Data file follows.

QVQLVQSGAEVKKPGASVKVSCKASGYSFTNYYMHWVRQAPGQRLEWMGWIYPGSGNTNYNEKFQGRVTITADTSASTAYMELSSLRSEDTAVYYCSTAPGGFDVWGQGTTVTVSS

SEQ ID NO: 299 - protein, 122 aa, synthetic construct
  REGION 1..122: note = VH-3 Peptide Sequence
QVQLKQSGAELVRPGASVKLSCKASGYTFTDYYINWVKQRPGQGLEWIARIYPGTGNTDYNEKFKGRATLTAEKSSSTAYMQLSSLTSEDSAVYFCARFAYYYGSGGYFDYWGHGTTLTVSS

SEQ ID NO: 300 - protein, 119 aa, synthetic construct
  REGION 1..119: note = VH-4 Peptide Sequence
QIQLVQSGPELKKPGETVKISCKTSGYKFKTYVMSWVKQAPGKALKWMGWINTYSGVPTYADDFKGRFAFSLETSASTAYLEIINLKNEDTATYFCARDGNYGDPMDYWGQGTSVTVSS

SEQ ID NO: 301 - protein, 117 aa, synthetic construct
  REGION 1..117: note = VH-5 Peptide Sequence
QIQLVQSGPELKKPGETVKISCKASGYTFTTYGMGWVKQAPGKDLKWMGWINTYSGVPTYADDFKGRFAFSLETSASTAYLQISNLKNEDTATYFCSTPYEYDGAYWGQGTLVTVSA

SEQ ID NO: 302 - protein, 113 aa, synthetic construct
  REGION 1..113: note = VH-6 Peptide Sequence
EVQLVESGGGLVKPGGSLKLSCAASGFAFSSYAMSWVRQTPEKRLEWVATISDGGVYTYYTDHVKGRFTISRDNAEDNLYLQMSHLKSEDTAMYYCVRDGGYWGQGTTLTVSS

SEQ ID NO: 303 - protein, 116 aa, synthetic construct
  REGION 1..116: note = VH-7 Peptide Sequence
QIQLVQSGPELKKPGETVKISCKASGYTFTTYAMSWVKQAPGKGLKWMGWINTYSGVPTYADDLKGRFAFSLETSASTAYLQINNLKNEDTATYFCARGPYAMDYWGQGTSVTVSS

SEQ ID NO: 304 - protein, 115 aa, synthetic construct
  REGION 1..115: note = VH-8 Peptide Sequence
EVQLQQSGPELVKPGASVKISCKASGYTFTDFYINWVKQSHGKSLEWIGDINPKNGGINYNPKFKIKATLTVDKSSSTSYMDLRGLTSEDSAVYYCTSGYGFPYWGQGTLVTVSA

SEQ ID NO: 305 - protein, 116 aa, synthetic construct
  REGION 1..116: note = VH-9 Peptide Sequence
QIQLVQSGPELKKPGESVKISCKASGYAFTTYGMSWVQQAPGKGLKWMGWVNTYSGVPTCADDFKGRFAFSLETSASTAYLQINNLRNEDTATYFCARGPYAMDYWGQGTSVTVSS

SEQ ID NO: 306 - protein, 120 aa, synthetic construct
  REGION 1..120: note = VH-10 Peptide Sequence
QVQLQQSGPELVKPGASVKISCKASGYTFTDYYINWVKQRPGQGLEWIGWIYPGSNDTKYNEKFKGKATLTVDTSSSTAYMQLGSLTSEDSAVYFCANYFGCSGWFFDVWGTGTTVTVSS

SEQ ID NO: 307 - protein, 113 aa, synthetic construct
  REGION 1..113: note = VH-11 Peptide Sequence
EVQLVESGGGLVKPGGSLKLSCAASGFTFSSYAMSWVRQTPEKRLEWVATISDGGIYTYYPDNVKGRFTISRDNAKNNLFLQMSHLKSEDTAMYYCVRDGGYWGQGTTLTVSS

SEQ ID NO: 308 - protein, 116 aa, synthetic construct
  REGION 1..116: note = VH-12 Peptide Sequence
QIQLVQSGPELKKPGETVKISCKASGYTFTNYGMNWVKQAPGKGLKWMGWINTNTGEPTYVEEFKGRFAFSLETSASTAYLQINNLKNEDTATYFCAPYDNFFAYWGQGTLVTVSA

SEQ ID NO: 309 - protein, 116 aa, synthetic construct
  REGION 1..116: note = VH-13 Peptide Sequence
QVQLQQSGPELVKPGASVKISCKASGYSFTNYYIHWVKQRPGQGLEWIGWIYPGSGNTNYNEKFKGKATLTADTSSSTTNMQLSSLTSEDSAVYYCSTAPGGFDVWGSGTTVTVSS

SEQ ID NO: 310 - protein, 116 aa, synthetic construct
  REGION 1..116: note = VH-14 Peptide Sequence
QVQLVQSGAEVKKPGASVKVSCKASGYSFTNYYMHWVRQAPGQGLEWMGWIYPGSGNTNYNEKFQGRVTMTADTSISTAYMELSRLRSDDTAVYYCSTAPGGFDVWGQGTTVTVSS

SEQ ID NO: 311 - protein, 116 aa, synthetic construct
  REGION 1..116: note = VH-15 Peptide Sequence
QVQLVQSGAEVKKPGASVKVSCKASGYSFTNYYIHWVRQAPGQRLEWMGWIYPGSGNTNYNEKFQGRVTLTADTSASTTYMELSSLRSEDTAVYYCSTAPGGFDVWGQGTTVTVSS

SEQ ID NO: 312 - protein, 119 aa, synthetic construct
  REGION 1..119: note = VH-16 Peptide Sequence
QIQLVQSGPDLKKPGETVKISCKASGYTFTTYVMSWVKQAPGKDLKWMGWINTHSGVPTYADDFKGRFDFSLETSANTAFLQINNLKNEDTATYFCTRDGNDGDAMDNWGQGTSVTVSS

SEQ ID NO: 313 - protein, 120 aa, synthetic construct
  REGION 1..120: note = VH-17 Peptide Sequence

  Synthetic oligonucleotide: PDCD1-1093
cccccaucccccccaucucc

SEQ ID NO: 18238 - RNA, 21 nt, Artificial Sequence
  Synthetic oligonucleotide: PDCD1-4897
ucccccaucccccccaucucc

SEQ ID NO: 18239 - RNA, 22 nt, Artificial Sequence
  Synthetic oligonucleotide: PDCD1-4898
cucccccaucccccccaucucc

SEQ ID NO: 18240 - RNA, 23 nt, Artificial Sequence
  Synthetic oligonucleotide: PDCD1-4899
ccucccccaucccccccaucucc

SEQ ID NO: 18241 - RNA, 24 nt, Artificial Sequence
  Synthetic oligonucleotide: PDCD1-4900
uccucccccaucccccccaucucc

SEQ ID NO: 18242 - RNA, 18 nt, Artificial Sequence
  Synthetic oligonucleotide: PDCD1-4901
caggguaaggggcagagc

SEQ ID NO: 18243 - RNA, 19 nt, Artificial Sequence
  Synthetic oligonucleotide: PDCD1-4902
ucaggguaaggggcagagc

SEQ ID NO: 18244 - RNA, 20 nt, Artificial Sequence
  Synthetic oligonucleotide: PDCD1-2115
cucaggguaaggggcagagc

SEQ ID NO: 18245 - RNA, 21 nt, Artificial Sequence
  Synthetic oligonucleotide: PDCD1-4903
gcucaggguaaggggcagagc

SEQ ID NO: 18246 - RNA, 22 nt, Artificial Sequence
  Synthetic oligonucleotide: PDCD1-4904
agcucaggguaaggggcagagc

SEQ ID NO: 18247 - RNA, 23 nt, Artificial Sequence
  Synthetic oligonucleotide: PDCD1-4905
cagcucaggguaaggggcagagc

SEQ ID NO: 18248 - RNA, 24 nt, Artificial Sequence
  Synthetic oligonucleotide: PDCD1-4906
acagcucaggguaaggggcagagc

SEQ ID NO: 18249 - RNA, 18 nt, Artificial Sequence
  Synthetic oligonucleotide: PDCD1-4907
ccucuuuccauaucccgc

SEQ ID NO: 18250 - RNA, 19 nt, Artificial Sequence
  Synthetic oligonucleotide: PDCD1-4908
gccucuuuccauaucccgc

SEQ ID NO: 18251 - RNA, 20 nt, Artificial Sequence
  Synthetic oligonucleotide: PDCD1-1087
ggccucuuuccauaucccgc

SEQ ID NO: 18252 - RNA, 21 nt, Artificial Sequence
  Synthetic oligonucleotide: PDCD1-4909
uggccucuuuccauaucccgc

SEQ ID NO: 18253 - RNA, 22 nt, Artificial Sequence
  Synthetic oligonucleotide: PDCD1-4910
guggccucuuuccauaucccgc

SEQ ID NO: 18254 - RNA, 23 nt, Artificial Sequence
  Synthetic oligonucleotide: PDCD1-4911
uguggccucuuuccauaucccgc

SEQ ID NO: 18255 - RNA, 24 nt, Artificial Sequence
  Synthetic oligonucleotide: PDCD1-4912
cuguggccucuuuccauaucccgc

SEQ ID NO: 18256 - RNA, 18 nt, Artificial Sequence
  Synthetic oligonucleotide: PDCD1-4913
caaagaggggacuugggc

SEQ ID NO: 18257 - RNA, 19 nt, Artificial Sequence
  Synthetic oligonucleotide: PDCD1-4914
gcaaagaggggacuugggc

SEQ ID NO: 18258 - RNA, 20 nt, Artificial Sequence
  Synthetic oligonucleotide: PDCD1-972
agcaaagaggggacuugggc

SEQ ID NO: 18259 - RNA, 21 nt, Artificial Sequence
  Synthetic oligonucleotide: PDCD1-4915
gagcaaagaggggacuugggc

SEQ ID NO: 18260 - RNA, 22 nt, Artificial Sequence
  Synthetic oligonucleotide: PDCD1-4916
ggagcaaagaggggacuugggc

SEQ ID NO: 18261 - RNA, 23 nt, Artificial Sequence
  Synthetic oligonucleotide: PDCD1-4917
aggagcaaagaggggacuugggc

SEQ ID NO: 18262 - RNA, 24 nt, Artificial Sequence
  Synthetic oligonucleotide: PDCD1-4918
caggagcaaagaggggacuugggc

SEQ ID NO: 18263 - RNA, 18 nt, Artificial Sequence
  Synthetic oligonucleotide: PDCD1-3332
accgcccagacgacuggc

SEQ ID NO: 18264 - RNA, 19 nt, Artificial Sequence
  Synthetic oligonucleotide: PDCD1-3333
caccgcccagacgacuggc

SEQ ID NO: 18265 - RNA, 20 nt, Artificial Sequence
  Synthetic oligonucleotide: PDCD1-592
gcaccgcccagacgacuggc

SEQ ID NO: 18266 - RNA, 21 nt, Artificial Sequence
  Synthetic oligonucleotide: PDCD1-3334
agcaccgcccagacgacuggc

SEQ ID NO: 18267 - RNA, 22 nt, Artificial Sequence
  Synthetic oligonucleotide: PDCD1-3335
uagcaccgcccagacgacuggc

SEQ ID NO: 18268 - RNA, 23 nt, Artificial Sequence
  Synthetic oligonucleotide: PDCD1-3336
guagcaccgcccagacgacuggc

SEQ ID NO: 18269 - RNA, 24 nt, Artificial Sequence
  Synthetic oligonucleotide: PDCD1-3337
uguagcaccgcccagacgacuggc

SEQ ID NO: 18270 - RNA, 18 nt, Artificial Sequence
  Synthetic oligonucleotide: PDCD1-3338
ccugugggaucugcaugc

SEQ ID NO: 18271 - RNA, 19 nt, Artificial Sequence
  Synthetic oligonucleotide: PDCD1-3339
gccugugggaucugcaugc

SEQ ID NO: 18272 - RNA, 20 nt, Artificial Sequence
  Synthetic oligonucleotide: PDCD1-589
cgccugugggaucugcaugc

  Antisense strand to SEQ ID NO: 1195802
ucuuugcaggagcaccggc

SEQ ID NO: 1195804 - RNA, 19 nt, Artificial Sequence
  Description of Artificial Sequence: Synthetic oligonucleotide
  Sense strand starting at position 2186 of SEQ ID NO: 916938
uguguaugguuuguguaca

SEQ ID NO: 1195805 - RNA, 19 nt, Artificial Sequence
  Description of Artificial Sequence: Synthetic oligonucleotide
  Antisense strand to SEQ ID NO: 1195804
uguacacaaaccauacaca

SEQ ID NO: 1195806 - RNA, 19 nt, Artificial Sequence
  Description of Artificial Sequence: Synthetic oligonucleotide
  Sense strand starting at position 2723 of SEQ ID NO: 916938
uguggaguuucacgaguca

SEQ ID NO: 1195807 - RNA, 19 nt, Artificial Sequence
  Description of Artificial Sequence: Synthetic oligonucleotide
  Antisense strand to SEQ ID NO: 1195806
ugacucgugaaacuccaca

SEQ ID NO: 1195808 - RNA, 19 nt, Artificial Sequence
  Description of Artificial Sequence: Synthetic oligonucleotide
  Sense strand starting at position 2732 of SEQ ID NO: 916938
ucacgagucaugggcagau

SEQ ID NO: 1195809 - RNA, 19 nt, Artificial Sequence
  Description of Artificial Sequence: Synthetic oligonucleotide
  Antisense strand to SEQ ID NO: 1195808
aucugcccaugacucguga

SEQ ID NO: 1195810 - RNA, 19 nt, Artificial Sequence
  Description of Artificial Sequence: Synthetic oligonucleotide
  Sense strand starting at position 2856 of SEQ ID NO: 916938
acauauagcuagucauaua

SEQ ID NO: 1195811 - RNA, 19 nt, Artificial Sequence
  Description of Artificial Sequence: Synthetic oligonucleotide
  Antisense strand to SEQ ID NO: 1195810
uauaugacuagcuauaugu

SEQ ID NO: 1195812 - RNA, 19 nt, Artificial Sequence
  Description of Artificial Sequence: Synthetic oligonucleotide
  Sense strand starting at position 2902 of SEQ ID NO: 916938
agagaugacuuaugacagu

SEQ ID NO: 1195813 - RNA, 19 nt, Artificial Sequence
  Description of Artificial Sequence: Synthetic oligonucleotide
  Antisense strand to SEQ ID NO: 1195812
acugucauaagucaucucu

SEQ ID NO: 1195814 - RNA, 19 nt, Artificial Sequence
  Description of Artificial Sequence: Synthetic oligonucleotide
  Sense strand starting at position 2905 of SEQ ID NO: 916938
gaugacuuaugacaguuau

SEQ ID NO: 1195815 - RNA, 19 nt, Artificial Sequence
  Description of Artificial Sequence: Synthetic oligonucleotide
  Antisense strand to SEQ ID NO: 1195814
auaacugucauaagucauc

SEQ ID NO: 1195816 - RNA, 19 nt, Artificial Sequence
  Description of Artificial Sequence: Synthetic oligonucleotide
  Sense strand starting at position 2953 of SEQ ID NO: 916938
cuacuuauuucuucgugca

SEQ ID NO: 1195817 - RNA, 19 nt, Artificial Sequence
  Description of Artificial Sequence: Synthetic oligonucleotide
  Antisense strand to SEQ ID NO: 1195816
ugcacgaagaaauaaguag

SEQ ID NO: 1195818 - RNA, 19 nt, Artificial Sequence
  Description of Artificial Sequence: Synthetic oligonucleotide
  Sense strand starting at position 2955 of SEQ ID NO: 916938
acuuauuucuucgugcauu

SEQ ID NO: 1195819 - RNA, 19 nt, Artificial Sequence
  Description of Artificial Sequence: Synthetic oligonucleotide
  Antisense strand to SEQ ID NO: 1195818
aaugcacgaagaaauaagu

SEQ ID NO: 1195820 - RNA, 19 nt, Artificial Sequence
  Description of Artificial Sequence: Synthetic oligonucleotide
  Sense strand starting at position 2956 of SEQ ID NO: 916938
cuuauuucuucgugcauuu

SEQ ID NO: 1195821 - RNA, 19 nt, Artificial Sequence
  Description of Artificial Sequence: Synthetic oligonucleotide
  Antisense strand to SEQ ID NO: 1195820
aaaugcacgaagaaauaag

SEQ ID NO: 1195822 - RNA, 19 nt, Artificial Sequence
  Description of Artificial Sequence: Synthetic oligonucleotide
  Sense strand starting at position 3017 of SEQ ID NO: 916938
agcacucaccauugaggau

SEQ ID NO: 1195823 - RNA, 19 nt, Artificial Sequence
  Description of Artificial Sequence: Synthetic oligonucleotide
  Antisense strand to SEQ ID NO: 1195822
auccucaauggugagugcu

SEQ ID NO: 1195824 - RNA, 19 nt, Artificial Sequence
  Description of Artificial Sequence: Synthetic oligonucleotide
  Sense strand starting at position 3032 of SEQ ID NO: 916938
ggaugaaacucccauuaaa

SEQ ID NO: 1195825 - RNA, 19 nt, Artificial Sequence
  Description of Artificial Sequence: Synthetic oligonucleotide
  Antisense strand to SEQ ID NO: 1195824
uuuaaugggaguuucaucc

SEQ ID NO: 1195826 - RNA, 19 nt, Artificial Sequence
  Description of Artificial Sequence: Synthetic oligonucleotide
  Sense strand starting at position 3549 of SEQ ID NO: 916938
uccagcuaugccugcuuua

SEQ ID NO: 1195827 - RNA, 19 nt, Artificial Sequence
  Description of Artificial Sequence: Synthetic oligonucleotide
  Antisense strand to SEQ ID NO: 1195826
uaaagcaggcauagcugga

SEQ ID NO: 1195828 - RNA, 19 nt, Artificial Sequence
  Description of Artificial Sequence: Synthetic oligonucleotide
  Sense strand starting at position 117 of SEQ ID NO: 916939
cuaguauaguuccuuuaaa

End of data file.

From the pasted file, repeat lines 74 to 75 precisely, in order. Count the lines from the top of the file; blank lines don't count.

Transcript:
agcucaggguaaggggcagagc

SEQ ID NO: 18247 - RNA, 23 nt, Artificial Sequence